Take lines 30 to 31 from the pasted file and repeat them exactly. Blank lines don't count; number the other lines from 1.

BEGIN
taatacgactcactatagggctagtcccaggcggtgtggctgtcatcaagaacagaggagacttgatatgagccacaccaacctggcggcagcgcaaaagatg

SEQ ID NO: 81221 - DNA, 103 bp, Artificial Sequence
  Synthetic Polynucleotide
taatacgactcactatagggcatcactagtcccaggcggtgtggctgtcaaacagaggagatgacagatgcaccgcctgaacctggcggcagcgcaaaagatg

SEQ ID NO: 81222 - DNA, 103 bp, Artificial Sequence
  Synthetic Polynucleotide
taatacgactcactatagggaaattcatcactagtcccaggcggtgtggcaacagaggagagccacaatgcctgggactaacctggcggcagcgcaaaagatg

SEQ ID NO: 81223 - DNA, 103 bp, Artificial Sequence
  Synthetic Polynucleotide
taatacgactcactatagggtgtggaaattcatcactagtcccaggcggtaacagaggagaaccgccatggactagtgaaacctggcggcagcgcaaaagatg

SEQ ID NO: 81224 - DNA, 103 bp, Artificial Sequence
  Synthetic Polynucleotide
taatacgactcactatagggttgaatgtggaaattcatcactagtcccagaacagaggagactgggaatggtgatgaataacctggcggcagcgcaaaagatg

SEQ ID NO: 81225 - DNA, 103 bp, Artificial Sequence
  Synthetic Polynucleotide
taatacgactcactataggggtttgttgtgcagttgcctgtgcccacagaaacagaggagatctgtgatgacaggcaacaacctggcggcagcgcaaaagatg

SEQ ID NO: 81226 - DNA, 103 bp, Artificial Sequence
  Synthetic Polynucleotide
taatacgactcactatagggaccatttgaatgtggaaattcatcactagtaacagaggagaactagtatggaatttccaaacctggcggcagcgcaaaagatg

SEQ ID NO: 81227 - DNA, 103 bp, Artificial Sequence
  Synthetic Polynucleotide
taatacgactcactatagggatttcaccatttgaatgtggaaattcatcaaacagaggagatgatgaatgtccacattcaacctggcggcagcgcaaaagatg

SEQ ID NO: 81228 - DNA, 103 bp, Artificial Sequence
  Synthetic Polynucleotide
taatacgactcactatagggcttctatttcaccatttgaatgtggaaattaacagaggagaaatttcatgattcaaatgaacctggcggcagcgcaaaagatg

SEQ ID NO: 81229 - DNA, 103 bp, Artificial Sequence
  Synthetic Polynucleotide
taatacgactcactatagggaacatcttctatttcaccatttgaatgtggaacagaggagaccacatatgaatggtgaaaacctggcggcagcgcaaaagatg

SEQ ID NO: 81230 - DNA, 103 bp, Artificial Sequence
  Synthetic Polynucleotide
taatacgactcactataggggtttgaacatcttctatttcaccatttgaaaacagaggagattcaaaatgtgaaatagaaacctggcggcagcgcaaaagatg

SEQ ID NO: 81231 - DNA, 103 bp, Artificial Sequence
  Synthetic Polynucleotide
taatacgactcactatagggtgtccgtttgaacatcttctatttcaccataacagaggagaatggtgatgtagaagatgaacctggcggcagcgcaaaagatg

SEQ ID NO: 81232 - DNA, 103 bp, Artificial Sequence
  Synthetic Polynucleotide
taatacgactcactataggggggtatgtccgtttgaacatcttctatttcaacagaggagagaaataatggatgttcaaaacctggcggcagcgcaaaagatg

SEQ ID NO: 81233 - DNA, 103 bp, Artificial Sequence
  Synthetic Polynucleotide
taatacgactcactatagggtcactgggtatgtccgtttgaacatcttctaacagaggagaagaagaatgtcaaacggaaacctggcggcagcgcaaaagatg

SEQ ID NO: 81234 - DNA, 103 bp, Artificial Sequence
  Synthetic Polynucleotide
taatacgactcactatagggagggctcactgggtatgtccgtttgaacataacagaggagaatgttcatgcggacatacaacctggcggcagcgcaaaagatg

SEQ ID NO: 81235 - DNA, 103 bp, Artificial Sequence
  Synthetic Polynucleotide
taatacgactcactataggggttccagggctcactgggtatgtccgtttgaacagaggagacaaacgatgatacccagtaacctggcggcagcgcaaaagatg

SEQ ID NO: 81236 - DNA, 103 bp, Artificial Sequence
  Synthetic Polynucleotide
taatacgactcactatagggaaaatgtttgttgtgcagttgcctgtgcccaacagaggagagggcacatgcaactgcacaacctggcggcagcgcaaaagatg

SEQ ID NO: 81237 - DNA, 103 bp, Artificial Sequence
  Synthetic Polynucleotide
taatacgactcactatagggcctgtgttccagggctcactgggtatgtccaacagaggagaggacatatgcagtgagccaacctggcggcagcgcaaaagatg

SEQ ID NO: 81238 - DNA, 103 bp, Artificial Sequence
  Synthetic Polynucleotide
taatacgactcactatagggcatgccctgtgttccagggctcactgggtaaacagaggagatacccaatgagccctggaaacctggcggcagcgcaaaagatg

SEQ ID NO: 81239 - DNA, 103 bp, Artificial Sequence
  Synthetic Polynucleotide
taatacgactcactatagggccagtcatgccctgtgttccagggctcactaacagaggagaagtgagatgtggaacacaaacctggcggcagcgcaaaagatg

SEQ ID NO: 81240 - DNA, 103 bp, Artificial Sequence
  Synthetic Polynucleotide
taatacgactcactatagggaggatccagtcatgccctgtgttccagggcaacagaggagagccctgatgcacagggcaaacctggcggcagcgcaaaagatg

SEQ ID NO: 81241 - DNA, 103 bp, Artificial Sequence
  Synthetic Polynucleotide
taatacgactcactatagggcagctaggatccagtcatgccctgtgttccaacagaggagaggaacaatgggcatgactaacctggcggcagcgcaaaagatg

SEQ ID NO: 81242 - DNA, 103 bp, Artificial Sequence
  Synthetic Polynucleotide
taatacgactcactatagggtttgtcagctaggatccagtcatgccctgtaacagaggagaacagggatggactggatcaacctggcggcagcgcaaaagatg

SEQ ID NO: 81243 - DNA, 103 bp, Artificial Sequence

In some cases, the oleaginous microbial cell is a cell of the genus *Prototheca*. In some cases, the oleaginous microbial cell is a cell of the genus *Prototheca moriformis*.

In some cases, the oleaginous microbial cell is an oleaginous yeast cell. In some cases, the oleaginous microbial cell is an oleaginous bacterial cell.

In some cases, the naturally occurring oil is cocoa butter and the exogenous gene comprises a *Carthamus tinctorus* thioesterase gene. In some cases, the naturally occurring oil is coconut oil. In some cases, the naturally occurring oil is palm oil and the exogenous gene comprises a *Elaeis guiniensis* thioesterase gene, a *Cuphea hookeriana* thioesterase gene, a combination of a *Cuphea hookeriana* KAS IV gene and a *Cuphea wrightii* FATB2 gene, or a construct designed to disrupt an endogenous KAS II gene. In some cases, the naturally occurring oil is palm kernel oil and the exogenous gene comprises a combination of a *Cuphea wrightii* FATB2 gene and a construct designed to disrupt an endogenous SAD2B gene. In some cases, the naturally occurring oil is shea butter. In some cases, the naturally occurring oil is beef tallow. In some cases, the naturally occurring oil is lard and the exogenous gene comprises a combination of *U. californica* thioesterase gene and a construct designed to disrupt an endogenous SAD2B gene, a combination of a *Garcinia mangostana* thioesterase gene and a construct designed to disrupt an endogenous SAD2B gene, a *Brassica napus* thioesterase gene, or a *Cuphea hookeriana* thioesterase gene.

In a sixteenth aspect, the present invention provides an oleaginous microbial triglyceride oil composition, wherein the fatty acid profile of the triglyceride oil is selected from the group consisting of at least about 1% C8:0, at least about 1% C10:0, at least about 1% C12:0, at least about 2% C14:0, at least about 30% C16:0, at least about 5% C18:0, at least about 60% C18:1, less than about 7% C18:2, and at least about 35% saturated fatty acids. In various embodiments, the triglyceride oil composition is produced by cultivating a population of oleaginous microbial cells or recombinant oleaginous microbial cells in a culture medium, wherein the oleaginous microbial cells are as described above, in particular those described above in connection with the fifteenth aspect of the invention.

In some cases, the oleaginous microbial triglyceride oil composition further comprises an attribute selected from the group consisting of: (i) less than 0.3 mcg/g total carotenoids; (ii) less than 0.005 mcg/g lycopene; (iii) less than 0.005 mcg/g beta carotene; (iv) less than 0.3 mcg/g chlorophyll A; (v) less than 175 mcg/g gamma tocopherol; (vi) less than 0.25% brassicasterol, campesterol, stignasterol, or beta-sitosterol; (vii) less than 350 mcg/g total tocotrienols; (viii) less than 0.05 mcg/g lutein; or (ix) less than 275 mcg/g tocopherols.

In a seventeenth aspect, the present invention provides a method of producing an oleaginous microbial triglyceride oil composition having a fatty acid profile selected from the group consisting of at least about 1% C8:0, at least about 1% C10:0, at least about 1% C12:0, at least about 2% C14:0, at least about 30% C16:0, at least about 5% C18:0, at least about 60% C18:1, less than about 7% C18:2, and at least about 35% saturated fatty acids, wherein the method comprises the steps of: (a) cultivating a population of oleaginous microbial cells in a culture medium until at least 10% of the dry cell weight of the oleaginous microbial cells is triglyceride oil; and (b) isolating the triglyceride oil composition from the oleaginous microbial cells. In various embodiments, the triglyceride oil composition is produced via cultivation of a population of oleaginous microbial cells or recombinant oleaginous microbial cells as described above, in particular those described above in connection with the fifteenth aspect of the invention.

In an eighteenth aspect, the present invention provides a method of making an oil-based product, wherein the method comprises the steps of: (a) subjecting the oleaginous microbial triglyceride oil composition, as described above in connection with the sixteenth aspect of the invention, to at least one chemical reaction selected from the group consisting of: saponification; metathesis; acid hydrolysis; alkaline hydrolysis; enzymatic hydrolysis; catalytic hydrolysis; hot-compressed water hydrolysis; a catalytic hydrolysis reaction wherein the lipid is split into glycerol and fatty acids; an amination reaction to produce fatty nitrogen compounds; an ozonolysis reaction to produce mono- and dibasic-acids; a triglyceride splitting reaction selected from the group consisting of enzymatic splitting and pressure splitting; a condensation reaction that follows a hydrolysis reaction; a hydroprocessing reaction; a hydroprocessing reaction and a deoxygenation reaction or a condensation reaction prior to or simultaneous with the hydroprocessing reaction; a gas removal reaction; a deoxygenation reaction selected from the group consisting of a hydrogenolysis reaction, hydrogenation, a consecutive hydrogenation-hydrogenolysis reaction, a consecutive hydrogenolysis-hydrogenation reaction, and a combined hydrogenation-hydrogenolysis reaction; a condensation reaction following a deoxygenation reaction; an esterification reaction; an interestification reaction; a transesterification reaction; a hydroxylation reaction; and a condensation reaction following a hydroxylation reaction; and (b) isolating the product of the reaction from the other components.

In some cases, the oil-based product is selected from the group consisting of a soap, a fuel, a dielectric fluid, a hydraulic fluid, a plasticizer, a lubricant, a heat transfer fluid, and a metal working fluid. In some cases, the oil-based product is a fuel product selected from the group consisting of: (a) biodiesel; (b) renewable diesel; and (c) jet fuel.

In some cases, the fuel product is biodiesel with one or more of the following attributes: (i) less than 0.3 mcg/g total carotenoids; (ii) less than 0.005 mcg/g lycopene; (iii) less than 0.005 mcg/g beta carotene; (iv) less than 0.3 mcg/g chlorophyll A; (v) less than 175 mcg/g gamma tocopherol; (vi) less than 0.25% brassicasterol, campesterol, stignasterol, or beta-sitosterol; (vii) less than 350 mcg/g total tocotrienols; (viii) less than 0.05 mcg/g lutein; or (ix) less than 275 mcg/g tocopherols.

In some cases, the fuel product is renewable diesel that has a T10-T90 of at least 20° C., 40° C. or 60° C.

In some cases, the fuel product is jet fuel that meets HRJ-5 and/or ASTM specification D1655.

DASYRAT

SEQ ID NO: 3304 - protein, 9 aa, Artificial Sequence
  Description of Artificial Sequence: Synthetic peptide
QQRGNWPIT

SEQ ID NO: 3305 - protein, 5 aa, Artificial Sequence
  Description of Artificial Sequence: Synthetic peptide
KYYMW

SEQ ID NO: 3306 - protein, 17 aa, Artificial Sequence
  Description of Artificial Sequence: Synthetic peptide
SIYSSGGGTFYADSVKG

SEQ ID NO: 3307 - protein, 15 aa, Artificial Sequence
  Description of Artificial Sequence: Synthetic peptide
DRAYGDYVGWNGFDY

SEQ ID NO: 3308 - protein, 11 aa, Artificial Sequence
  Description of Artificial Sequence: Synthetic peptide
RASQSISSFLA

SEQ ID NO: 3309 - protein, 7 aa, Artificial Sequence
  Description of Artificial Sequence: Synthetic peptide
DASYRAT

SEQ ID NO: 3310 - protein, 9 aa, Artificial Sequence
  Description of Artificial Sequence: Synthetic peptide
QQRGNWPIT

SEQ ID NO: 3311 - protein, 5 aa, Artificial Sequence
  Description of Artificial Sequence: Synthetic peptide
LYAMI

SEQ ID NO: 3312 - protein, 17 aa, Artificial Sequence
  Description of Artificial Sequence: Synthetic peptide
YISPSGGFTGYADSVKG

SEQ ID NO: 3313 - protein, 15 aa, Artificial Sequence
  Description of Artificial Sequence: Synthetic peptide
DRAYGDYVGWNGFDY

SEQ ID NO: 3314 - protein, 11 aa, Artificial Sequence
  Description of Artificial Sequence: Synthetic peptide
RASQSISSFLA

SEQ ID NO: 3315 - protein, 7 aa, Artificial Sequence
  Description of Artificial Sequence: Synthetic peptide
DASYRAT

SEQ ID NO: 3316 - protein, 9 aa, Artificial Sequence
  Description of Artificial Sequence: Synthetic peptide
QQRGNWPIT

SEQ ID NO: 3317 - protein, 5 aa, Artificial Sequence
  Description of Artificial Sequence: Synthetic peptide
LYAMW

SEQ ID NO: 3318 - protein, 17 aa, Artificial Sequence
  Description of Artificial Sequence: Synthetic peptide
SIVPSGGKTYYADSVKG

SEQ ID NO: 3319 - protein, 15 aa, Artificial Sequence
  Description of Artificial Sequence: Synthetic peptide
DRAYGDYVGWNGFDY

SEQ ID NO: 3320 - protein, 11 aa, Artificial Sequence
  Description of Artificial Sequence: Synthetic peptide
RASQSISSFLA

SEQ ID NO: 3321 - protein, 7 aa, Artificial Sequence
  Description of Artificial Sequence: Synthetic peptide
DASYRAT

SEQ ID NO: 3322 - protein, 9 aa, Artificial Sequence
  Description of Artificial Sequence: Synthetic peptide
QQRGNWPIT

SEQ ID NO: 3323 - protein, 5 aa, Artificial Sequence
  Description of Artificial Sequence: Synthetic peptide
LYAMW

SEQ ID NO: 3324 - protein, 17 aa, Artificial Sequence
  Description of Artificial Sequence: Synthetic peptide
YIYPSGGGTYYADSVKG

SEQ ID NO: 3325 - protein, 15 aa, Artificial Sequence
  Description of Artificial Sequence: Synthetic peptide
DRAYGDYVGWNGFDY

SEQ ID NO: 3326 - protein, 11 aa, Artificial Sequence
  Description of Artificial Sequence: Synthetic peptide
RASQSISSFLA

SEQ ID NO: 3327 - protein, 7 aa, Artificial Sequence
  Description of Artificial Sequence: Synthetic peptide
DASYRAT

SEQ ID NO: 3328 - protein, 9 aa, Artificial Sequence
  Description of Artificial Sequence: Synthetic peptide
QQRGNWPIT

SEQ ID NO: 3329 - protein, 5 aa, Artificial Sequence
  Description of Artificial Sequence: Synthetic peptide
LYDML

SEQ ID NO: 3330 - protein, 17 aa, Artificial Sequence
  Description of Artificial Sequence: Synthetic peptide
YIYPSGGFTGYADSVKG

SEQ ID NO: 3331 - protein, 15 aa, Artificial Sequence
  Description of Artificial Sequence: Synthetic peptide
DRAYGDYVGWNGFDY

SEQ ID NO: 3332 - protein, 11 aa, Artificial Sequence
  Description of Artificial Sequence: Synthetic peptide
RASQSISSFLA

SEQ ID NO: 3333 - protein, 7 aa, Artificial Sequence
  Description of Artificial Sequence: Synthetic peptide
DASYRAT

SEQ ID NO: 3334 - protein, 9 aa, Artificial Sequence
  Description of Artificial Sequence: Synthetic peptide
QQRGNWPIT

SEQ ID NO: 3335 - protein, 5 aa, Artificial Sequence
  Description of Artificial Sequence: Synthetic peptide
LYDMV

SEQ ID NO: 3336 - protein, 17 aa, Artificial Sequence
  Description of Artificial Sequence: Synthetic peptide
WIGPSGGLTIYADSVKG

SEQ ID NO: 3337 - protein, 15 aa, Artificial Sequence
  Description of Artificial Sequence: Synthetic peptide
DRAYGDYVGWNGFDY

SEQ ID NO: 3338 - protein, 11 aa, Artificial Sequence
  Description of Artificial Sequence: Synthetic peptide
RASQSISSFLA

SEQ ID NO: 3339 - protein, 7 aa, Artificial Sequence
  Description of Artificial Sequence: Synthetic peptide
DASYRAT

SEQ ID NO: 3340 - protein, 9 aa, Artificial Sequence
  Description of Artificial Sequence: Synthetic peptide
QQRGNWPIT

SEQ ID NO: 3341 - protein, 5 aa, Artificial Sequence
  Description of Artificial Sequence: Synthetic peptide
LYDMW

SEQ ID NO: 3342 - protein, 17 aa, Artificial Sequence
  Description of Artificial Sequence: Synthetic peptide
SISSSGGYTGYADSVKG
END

  Synthetic Polynucleotide
taatacgactcactataggggtttgaacatcttctatttcaccatttgaaaacagaggagattcaaaatgtgaaatagaaacctggcggcagcgcaaaagatg